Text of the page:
Health insurance companies would not be allowed to charge patients more for less addictive versions of prescription opiates under a new bill being considered in the Maine Legislature.

The bill, L.D. 919, would mandate that patients who are prescribed drugs with “abuse-deterrent formulations” pay the same co-pay for those as they would for versions that do not contain the abuse protections. The drugs with abuse-deterrent properties can cost hundreds more per month in some cases, experts say.

The bill would remove the financial incentive for patients to choose the cheaper versions – and therefore make them less likely to abuse and become addicted to them. The bill does not affect the cost of the drugs for those who would pay for them out-of-pocket, such as the uninsured.

Last year, Massachusetts became the first state to enact such protections for patients, and Vermont and Connecticut are considering similar bills. The Maine bill passed out of the Legislature’s Insurance and Financial Services Committee by a unanimous vote on April 23.

Opiates are often prescribed to control pain, but are also considered a “gateway drug” by substance abuse experts. Some patients end up addicted to the prescription opiates or switch to heroin when their prescriptions run out. Prescription opiates include OxyContin, morphine, Vicodin, codeine and others.

The number of people seeking opiate abuse treatment in Maine doubled over the 10 years ending in 2013, when about 4,800 sought treatment, according to the Maine Office of Substance Abuse.

Drugs with abuse-deterrent properties can take different forms, such as an extended-release feature that releases the pain-killing properties slowly over several hours, making it more difficult to get high, or the addition of antidote properties to the drugs that make getting high extremely difficult.

Other features might make patients suffer withdrawal-like symptoms if they take the drugs at amounts greater than prescribed. Another method would make the drugs turn into a gel, rather than a powder, when crushed, making it more difficult to snort or inject.

Since 2010, OxyContin, which had become popular among drug abusers, has been sold only with abuse-deterrent properties, to discourage abuse, theft and street sales. But other opiates either do not have such properties or have both abuse-deterrent and regular versions.

The decision to make OxyContin available only with abuse-deterrent properties cut Oxycontin abuse in half within two years after being introduced, according to a 2015 study by the Washington University School of Medicine in St. Louis. In Maine, the number of those seeking treatment for OxyContin abuse also has been reduced by more than 50 percent since 2010, according to the Maine Office of Substance Abuse.

Kristan Hilchey of Rockland said she became addicted to prescription opiates in 2003, starting with Vicodin to treat chronic pain from ovarian cysts.

“He prescribed them a few times, and I was off and running,” Hilchey said of her doctor. She started purchasing OxyContin on the street to get high, before enrolling in a methadone treatment plan in 2005.

She still gets methadone treatments to control her addiction and allow her to hold down a job and live a normal life.

Hilchey, 41, said she supports any effort to make the prescriptions harder to abuse, because that could result in fewer people becoming addicted.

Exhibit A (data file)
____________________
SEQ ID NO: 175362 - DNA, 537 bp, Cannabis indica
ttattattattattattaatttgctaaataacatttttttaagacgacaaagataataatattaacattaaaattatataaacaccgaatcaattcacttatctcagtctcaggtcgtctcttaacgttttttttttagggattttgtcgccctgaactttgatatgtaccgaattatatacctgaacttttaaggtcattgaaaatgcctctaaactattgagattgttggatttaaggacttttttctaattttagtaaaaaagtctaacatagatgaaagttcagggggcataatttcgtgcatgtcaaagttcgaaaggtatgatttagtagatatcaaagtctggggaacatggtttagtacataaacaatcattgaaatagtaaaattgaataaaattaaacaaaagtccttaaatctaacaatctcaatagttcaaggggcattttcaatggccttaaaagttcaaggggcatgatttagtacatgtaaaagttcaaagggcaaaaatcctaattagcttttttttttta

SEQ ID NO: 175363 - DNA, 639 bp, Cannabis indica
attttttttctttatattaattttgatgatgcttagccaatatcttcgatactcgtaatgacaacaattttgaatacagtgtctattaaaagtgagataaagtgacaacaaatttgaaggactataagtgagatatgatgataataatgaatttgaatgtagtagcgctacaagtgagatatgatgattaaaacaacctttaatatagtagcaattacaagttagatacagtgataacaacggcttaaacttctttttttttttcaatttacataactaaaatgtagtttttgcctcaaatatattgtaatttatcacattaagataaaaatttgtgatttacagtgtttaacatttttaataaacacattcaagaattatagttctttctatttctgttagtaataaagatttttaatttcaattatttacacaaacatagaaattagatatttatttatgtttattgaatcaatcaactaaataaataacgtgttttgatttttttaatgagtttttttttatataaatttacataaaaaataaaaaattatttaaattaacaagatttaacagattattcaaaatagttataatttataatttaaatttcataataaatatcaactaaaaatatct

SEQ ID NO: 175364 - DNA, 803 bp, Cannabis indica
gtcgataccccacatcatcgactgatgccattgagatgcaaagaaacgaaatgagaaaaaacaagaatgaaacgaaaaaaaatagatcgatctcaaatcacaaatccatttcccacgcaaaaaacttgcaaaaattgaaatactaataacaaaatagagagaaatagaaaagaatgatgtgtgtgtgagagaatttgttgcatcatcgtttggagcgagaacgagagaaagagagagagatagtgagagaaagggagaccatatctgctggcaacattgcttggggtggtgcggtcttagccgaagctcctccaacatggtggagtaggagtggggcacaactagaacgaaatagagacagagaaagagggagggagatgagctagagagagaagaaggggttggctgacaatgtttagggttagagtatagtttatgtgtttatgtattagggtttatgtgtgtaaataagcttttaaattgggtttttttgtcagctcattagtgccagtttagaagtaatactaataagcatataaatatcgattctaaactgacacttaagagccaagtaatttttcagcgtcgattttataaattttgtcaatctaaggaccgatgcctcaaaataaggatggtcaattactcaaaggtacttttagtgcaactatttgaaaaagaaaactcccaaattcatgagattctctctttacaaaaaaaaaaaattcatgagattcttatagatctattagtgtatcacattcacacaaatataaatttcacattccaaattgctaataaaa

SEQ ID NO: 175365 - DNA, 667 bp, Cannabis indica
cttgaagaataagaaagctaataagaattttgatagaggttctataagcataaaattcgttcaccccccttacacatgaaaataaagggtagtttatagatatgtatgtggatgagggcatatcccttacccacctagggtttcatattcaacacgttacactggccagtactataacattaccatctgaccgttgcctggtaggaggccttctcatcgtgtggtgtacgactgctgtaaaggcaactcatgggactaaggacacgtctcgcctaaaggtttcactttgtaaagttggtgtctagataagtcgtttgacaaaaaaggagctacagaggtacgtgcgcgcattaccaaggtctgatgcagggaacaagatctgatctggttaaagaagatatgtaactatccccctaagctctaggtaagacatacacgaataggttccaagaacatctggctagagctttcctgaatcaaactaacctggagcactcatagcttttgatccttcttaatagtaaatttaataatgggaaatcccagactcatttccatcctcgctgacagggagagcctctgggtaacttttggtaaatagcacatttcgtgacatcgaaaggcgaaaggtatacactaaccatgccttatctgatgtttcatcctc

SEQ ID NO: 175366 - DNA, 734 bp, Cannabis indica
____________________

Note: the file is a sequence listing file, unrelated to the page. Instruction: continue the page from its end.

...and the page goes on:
“I wish they were around back then. That would have really helped, and I would have avoided all this,” she said.

Although drug prices vary widely and abuse-deterrent drugs are not always more expensive, in many cases there is a difference in prices for medications depending on whether they have abuse-deterrent properties. For instance, Zohydro, an opiate painkiller not available with abuse-deterrent properties, costs $15.98 per day, while abuse-deterrent OxyContin costs $31.73 per day, on average, according to www.goodrx.com, a price comparison website.

At an April 16 public hearing before the insurance committee, law enforcement, pharmaceutical companies and patient advocacy groups supported the bill, but insurance companies were opposed. The Maine Bureau of Insurance was neutral on the issue.

Tom Brownlie, a senior manager of U.S. policy for Pfizer, a pharmaceutical company, submitted testimony pointing out that the cost of opiate abuse to the U.S. health care system means it makes financial sense to promote abuse-deterrent drugs, in addition to improving the nation’s health. An opiate-related hospitalization costs nearly $14,000 on average, and nearly $6,000 per patient for substance abuse treatment services.

“The rate of opioid poisoning deaths nearly quadrupled from 1999 to 2013,” Brownlie said.

Opposing the bill was Katherine Pelletreau of the Maine Association of Health Plans, representing Aetna, Anthem, CIGNA and Harvard Pilgrim Health Care. Pelletreau said the abuse-deterrent drugs are more expensive, and the bill could potentially result in higher insurance premiums.

“It drives patients and physicians towards more expensive brand-name drug formulations and away from lower-cost generics, raising costs for all premium payers,” she told the committee.

Marcia Lee Taylor, interim president and CEO of the Partnership for Drug-Free Kids, a national nonprofit advocacy group, said she believes that most, if not all, prescription opiates will eventually be available only with abuse-deterrent properties.

But until then, the bill would remove the financial incentive not to use the drugs less likely to lead to abuse, Taylor said.

“It’s not a cure-all, but it’s a good first step,” she said.